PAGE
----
When the P-channel open drain of the low voltage side IC connection output terminal of the semiconductor apparatus ICn is turned on, the voltage of the low voltage side IC connection output terminal of the semiconductor apparatus ICn becomes equivalent to the voltage Vdd of the semiconductor apparatus ICn. The high voltage side IC connection input terminal of the semiconductor apparatus ICn−1 receives a high level signal of the semiconductor apparatus Icn as a corresponding recipient. Thus, some current flows through the high resistance element connected to the voltage Vss of the semiconductor apparatus ICn−1, while a high level signal is inputted to the inverter. The signal is conveyed through the semiconductor apparatus ICn−1, and then turns on the P-channel open drain of the low voltage side IC connection output terminal of the semiconductor apparatus ICn−1. Thus, the signal is transmitted to the semiconductor apparatus ICn−2.

When the P-channel open drain of the low voltage side IC connection output terminal of the semiconductor apparatus ICn is turned off, the low voltage side IC connection output terminal of the semiconductor apparatus ICn is in a floating state. However, since being drawn by the high resistance element connected to the Vss, which is connected to the high voltage side IC connection input terminal of the ICn−1 serving as a corresponding recipient, the voltage of the low voltage side IC connection input terminal becomes equivalent to the voltage Vss of the ICn−1. Thus, a low-level signal is inputted to the inverter input of the high voltage side IC connection input terminal of the semiconductor apparatus ICn−1. The low-level signal is conveyed through the semiconductor apparatus ICn−1, and then turns off the P-channel open drain of the low voltage side IC connection output terminal of the semiconductor apparatus ICn−1. Thus, the low level signal is transmitted to the semiconductor apparatus ICn−2. A system using the above-mentioned control terminal is not limited thereto, and the other system can be employed.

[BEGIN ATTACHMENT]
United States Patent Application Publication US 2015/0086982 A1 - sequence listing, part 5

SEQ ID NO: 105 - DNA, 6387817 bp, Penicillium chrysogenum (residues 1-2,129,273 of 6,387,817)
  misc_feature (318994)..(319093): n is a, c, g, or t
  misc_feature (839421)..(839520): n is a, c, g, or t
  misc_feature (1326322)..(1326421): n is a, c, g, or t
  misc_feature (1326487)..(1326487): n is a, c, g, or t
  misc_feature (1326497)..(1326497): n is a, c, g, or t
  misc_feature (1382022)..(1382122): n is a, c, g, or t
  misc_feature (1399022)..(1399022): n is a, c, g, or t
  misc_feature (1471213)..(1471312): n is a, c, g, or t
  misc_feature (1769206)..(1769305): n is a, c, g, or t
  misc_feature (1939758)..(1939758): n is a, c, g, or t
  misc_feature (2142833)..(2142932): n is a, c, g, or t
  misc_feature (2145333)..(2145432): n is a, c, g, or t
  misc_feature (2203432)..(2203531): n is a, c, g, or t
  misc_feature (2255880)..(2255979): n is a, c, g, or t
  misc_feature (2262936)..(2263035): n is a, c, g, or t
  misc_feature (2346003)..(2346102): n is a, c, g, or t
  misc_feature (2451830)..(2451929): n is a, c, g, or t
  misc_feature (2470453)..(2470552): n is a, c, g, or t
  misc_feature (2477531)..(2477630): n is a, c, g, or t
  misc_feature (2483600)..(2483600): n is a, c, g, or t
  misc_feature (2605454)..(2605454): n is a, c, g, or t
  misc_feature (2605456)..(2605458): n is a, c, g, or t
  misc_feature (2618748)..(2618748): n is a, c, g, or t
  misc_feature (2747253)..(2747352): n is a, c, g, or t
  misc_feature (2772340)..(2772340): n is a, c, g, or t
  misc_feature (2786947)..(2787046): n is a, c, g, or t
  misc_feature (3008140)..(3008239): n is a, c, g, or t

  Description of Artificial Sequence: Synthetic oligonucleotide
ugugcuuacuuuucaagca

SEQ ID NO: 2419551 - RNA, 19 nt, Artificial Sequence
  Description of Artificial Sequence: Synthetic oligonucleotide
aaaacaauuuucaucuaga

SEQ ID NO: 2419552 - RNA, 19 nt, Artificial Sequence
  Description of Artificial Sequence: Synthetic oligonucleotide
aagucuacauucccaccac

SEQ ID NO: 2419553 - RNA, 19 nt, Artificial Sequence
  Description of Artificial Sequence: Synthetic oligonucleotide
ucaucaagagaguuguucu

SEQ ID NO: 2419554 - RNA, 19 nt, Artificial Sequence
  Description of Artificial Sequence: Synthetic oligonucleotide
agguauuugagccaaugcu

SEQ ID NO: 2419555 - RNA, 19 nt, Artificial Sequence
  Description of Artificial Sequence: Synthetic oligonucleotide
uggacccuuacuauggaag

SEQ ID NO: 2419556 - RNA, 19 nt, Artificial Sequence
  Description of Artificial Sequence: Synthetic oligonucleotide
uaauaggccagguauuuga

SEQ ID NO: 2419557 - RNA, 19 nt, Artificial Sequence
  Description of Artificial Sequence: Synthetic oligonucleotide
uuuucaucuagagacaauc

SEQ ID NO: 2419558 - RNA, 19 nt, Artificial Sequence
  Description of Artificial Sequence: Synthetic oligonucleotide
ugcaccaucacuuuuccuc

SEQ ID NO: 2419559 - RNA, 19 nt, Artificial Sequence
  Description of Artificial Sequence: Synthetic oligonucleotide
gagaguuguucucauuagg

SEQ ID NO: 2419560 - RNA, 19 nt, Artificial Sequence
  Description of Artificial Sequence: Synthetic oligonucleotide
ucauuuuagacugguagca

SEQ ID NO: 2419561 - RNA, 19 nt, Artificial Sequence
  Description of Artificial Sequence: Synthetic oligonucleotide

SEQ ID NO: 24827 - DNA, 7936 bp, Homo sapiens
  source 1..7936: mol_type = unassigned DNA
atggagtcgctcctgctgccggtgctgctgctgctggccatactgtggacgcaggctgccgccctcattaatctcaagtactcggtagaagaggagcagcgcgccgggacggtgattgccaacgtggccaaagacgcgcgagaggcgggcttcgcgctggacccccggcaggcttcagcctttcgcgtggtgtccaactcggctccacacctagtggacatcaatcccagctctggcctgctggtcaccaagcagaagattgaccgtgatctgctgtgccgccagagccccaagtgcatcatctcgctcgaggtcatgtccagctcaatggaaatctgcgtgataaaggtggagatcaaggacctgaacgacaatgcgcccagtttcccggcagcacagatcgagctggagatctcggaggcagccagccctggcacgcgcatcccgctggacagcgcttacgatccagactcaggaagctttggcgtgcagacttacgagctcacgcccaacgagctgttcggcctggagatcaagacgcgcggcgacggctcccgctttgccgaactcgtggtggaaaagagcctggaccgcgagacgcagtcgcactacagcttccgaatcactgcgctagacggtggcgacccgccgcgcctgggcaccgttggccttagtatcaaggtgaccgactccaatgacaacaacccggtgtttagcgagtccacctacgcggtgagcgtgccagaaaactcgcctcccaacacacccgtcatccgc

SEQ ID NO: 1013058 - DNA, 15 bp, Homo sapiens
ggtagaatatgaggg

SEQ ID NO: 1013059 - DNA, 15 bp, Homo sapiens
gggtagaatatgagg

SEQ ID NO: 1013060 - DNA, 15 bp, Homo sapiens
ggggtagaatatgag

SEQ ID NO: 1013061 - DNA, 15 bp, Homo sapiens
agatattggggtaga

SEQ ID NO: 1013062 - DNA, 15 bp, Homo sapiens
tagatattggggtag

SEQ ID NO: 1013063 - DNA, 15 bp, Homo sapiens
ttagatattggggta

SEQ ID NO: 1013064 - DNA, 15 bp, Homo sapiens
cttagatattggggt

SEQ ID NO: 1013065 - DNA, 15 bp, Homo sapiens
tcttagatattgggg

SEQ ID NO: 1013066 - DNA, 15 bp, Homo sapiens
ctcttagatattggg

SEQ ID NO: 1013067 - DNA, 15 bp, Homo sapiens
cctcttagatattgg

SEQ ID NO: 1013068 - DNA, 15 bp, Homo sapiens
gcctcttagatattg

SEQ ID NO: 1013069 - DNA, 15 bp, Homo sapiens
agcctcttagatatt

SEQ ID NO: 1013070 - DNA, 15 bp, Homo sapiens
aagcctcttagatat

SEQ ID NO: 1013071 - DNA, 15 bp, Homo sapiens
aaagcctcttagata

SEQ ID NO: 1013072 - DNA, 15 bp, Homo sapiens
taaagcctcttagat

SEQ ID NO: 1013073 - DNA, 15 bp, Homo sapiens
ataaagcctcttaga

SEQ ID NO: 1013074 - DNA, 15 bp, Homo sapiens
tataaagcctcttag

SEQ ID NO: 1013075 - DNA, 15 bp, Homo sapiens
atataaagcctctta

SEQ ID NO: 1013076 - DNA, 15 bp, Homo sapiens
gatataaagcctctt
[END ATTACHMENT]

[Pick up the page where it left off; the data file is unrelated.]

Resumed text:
Further, a type of a terminal employable in the present invention can be either a pin insertion type or a surface package type. The surface package type can include ball grid, Gull-wing lead, and J-lead type terminals. Various packages, such as a DIP, a PGA, a SOP, a QFP, a BGA, a CSP, etc., having an opposing lead side can be employed.

Referenced by
Citing PatentFiling datePublication dateApplicantTitle
US8283895Jul 13, 2007Oct 9, 2012Lg Chem, Ltd.Circuit current balancing method and apparatus for battery apparatus
EP1918725A1 *Aug 23, 2006May 7, 2008Matsushita Electric Industrial Co., Ltd.Voltage monitor and electrical storage device using the same
EP2050178A1 *Jul 13, 2007Apr 22, 2009LG Chem, Ltd.Circuit current balancing method and apparatus for battery apparatus
Classifications
U.S. Classification361/328
International ClassificationH01G4/38, H02J7/00, H02J7/02
Cooperative ClassificationH02J7/0016
European ClassificationH02J7/00C1B
Legal Events
DateCodeEventDescription
Dec 17, 2010FPAYFee payment
Year of fee payment: 4
Mar 17, 2005ASAssignment
Owner name: RICOH COMPANY, LTD., JAPAN
Free format text: ASSIGNMENT OF ASSIGNORS INTEREST;ASSIGNORS:YANO, KOICHI;FUJIWARA, AKIHIKO;REEL/FRAME:016374/0786
Effective date: 20041213